Act One

1. Why is it so important that Macbeth should be first be presented to us as a brave and honored soldier?
2. The Elizabethan audience actually believed in witches; a modern audience does not. What difference could this make in the reactions of the two groups to the prophecies of witches.
3. What is the difference between Macbeth's and Banquo's reactions to the witches? How will this affect the whole play?
4. Can the weird sisters "make" anything happen, or do they merely foresee the future? How do you know?
5. What does Lady Macbeth read in the letter from her husband?
6. What does Lady Macbeth fear about her husband?
7. In scenes 5 to 7, how much evidence can we find that Macbeth is more frightened by the plan to kill Duncan than Lady Macbeth is? Is there evidence that there has been previous discussion of the plan? If so, refer to the line or lines.
8. Rewrite Macbeth's solilioquy in your own words while retaining the original meaning (Act I, Scene vii, lines 1-28: "If it were done when 'tis done,").
9. How does Lady Macbeth manage to stiffen Macbeth's courage and determination? What arguments does she use to force Macbeth to kill Duncan?

Act II

1. In the brief dialogue between Banquo and Macbeth in the beginning of the Act, what do we learn about their regard for each other?
2. Analyze the "dagger" speech. In how many ways does Macbeth see the dagger? Is he becoming stronger or weaker in will ad determination than he revealed himself in Act One?
3. In what ways is the feeling of horror revealed and made impressive at the beginning of Scene Two.
4. What dramatic effect is produced by the knocking and by the actions of the Porter?
5. Why did Macbeth kill the Grooms? Was it a wise move? Explain. What reason did he give the others? How is Macbeth thinking at this point?
6. Why do Duncan's sons flee rather than remain to inherit the throne?


1. For what reasons does Macbeth want Banquo murdered? What reasons does he give the murderers? What does the conversation with the murderers reveal about Macbeth?
2. Do Scenes 1 and 2 taken together indicate that Macbeth has either fallen or risen in a moral sense? Explain.
3. Scene 4 is considered by many to be a turning point in the play. (You might agree or disagree) Explain why this might be considered the climax.
4. What dramatic purpose is served by the appearance of Banquo's ghost? How does Lady Macbeth act react in this horrible scene? Compare her behavior with that of Macbeth.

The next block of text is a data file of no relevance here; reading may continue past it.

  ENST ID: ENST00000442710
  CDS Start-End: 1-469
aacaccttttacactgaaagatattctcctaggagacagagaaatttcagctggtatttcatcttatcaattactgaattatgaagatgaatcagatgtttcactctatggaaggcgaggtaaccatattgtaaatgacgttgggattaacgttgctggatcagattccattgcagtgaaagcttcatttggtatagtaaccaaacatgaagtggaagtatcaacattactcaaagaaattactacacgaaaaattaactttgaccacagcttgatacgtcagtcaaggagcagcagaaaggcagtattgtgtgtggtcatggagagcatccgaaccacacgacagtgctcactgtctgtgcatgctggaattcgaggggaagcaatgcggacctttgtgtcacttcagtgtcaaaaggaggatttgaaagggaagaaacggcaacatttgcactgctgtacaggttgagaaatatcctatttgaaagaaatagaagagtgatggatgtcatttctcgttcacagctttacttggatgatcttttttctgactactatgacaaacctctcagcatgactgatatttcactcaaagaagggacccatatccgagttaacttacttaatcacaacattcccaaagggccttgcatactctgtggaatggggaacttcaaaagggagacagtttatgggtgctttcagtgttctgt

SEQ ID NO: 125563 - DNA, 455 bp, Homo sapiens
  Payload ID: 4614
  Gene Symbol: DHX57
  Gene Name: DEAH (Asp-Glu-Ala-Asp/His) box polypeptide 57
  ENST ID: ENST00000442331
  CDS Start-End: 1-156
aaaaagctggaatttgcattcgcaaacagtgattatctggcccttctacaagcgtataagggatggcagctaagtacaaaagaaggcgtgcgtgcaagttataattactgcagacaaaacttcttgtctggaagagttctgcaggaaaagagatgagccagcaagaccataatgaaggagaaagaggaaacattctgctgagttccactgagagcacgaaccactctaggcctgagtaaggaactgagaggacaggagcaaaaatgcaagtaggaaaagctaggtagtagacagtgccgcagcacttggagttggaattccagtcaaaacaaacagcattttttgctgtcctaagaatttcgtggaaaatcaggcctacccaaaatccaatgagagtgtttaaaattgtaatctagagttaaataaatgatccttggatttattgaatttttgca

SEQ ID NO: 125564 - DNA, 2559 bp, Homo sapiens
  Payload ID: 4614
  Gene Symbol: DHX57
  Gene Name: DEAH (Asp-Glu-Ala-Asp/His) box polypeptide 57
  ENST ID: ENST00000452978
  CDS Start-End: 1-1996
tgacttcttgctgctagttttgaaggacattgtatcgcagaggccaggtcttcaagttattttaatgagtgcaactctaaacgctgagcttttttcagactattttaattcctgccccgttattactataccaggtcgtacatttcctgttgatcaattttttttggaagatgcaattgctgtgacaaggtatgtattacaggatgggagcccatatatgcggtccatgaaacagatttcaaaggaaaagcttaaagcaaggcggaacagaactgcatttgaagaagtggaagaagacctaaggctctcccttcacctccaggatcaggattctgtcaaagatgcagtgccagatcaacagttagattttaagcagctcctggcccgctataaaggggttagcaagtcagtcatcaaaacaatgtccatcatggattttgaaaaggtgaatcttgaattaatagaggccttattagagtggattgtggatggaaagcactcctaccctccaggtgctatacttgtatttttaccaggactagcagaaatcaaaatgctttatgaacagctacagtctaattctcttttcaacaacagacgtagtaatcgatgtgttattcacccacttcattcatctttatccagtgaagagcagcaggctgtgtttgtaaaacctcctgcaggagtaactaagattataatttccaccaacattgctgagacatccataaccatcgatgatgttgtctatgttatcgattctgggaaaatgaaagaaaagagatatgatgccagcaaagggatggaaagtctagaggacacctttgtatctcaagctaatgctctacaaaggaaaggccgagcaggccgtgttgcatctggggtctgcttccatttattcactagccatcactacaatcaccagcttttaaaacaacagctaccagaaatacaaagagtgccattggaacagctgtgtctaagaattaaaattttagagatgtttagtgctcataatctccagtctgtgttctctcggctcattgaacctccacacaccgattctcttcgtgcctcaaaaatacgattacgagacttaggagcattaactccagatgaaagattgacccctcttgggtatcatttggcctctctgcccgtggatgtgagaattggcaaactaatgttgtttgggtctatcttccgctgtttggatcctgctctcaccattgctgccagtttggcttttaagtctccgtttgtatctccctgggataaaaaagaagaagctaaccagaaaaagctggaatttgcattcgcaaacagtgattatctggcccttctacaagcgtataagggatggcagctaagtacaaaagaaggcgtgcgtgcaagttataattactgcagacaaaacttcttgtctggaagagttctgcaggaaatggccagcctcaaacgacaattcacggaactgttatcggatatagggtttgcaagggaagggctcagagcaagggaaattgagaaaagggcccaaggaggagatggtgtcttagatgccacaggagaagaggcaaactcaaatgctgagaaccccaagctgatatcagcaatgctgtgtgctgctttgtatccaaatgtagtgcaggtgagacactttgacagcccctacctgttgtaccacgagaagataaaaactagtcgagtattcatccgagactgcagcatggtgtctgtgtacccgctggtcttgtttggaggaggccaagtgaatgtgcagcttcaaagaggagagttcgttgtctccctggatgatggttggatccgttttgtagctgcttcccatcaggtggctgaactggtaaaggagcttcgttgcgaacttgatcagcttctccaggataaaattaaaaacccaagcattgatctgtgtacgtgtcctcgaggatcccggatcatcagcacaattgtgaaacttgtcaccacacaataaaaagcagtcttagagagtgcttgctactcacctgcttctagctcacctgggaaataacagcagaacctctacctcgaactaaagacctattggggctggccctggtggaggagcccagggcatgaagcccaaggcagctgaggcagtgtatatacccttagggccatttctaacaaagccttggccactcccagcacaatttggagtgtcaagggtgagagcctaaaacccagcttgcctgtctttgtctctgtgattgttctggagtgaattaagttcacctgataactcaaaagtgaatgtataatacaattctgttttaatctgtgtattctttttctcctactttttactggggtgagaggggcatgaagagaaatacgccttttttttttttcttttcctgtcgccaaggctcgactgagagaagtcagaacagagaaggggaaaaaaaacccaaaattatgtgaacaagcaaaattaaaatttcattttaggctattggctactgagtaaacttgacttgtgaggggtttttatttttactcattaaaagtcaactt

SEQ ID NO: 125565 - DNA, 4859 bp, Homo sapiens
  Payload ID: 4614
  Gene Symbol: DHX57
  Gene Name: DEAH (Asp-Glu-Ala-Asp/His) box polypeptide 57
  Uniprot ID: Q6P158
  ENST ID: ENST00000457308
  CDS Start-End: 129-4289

5. In this act what hints or nuances are given of the gathering forces of opposition to Macbeth?
6. What does Lennox's and the other lord's conversation in Scene 6?

Act IV

1. Name all the devices Shakespeare uses in creating a feeling of horror and impending doom at the beginning of this act. Point these out in the play.
2. What are the three new prophecies the witches make to Macbeth? Which seems the most immediately dangerous? What effects do the witches' enhancements have upon Macbeth's morals?
3. For what did Macbeth deliberately search out the witches? Why does the answer horrify him?
4. What further moral degeneration does Macbeth show at the end of Scene 2?
5. Why might Ross' appearance at Maduff's castle represent a weakening of Macbeth's position? Do you think the Messenger who warns Lady Macduff might have been sent by Lady Macbeth? Give reasons for or against.
6. How does the murder of Macduff's family differ from that of Banquo?
7. In Scene 3, why does Malcolm misrepresent his own character to Macduff? How does Macduff's reaction as well as his horrible personal news set him up as a nemesis?

Act V

1. In Scene 1, what words by Lady Macbeth show that she has been brooding over the past crimes? Untangle the confused mixture of words to show which crime she dwells on most frequently. What is the reason for this?
2. What lines foreshadow (are harbingers) Lady Macbeth's death?
3. How does Macbeth react to his wife's death?
4. How is each of the witches' prophecies revealed? (Scenes 4, 5 and 8)
5. Trace the final mental state of Macbeth through significant speeches. Where does he show false braver which masks the underlying fear? Where does he reveal dependence upon the witches' prophecies? Where does he reveal the sense of betrayal by the witches? Where does he reveal his horrified realization of his misspent life?
6. In what ways does Macbeth show his better qualities in Scene 8? (i.e., bravery and humaneness)
7. What dramatic purpose might there be to having 8 short scenes in the last act?

After The Play

1. What do you feel towards Macbeth? Pity? Compassion? A sense of identification? Do you feel he might have been less responsible for his acts because the witches' prophecies tempted him?
2. How would you imagine each character looked? Draw, describe or cast the play with well known actors.
3. Find four examples of bird imagery, two of personification (hint: V,iii, 50; and IV, iii, 40), and three of dramatic irony.